Birra Moretti, my current go-to draught beer if I am on night out, is a quality golden-looking lager purporting to have Italian heritage (but who really know these days) “brewed with passion and the finest quality ingredients” – said with hand gestures and an accent, you can almost believe it. Go on their website and you’ll likely be more convinced – here’s their history as written by their marketeers.

Birra Moretti is 4.6% alcohol and brewed from a special blend of hops to create a sessionable lager with some hoppy and fruity notes and a slight bitter aftertaste. It certainly tastes more bitter than its zero-% equivalent. Ingredients are water, malted barley, maize, those hop and hop extract. It comes in 38 kcal per 100ml.

Birra Moretti Zero is slightly sweeter, distinctively fruitier and actually more complex in flavour than the normal golden beer. It did leave me wondering if I’d left some washing up liquid in my beer glass since the Heineken experiment. It’s a skinnier proposition with only 20 kcal per 100ml, so 66 kcal per bottle. Less than a two-finger Kit-Kat, and this time I might prefer the beer over the chocolate bar. No really I’m serious.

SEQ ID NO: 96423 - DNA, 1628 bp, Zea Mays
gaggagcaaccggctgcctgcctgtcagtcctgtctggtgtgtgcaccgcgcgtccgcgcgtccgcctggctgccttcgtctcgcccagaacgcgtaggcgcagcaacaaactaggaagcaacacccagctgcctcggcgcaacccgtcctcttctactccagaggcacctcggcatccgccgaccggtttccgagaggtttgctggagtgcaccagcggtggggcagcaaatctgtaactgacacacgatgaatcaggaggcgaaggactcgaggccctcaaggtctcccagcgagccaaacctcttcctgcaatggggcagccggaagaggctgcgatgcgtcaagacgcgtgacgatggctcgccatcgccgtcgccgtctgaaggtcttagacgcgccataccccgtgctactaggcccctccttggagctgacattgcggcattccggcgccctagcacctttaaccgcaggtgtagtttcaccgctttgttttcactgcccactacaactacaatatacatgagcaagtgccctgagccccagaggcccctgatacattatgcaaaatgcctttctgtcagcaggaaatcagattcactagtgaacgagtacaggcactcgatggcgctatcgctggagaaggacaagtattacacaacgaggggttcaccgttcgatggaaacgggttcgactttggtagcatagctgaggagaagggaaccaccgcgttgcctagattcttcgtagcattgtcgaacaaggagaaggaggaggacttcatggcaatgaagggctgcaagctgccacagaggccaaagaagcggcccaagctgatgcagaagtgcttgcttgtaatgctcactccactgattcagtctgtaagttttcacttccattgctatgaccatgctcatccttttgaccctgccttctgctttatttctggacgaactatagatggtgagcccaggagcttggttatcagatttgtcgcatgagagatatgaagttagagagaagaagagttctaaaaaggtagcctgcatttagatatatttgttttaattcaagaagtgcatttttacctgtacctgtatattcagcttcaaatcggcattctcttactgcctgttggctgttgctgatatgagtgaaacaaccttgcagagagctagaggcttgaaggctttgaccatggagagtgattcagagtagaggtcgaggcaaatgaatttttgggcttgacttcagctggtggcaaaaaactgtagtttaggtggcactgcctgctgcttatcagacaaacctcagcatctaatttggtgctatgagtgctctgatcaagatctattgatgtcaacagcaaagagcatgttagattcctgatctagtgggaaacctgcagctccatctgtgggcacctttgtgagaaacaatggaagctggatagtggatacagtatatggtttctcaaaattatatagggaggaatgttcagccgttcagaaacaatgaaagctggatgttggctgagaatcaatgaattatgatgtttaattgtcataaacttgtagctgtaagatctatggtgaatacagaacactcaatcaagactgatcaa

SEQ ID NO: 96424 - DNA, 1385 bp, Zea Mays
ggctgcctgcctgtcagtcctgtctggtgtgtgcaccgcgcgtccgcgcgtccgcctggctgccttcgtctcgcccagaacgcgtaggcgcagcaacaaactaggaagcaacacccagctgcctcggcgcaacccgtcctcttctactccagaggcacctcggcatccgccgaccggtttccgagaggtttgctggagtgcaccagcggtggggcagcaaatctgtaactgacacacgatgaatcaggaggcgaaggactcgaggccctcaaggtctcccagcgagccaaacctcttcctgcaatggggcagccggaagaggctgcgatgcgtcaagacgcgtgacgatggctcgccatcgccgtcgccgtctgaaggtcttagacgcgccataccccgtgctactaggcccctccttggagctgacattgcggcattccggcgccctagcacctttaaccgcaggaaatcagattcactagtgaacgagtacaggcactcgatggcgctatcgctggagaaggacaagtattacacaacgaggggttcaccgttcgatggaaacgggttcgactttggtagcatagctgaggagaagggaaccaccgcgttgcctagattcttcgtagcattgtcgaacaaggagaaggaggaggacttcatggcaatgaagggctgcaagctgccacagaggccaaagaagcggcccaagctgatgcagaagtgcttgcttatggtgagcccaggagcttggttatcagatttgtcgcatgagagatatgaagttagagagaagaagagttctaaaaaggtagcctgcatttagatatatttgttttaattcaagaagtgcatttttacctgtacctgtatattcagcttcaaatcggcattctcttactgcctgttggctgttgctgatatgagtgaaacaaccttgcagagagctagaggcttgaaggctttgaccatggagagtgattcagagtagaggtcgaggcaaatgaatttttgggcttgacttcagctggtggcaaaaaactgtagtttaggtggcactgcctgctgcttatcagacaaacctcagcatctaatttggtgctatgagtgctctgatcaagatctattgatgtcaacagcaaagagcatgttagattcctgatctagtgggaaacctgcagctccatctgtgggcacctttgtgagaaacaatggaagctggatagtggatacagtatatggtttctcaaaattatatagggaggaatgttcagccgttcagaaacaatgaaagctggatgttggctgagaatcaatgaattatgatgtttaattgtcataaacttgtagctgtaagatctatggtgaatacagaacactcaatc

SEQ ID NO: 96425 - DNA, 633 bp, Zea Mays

Ingredients are water, barley malt, hops, hop extract and natural flavouring. So there’s no maize in it and there’s the addition of that enigmatic ingredient again ‘natural flavouring’. In UK law for the flavouring to be described as natural, it must be 100% derived from natural sources. But then this leads you on to defining natural sources. I can think of plenty of things like a dog’s butthole or the brewers crotch that might be considered natural sources, but I certainly don’t want anything derived from either to end up in my drink. We wouldn’t have this problem in Germany who by law limit what can be put into beer.

In the US, regulations define natural flavours (or ‘flavors’ as they incorrectly say) as those that ‘derive their flavour chemicals from plant or animal sources, including fruit, meat, fish, spices, herbs, roots, leaves, buds or bark that are distilled, fermented or otherwise manipulated in a lab’. Manipulated in a lab. Oh boy.

Anyway, I won’t let it bother me. Birra Moretti Zero tastes as much like Birra Moretti as Heineken 0.0 tasted like Heineken i.e. there’s a big difference. But unlike the Heineken experience, I found both beers to be very pleasant, and I imagine the Zero beer would be good with a light pasta or fish dish while the normal Moretti would go well with some read meat. Birra Moretti Zero is one of the better zero-% beers out there.